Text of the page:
And today we'll be looking at application trust with SAM, which is going to help you to monitor your environment for any incidents and events. It's always great to be proactive rather than reactive when you're talking about zero trust and looking into any insider, as well as adding outsider threats.
And we're also gonna discuss it with Network Configuration Manager and Server Configuration Monitor. And what those are gonna be able to help us with is the device trust, your transport layer, as well as your application trust and data trust. So let's go ahead and dive in.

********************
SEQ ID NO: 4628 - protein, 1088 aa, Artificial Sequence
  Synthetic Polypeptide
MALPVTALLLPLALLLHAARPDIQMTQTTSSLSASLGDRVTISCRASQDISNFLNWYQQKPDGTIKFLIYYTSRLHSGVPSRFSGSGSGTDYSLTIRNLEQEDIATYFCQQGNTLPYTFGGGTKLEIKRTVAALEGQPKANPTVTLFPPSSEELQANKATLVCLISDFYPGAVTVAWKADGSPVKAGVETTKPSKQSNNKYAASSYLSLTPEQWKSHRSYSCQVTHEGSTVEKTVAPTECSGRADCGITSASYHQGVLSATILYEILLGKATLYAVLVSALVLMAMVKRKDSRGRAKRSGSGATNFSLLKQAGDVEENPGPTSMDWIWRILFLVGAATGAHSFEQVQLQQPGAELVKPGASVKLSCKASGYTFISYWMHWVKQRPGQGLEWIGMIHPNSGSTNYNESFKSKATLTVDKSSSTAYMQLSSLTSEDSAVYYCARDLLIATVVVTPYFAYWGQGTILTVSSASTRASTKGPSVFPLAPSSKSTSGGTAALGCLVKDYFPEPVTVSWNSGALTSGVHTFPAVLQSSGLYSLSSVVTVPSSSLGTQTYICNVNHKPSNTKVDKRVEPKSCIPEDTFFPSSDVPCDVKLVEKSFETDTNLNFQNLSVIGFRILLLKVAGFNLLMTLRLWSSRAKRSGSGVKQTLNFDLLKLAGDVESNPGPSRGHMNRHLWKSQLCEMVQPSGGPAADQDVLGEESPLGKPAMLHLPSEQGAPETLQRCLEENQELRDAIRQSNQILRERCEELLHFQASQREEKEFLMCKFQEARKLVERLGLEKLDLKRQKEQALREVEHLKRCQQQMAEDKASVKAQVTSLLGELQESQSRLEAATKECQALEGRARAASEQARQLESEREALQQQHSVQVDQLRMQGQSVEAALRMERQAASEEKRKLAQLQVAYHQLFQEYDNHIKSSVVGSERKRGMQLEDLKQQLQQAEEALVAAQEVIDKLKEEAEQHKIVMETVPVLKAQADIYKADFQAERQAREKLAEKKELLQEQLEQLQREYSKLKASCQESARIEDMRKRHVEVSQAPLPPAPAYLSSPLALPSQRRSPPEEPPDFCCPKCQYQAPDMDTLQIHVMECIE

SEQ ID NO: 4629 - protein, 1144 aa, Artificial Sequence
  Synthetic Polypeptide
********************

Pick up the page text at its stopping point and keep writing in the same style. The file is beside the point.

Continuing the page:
Getting started on zero trust, we're gonna look at the user trust pillar first. And with that, we're gonna look at Access Rights Manager. Access Rights Manager really takes care of all your user permissions within your infrastructure. So, zero trust is really based on a least privilege principle, and with Access Rights Manager, you can ensure that users only have the amount of access rights that they really need to have in order to do their job. And your very first step with before you getting started on managing user permissions, you should look into who has what access as of today, you should analyze everything, document everything and then you getting started on changing everything. And with that, I'm gonna hand it over to Sven who's gonna guide you through the product.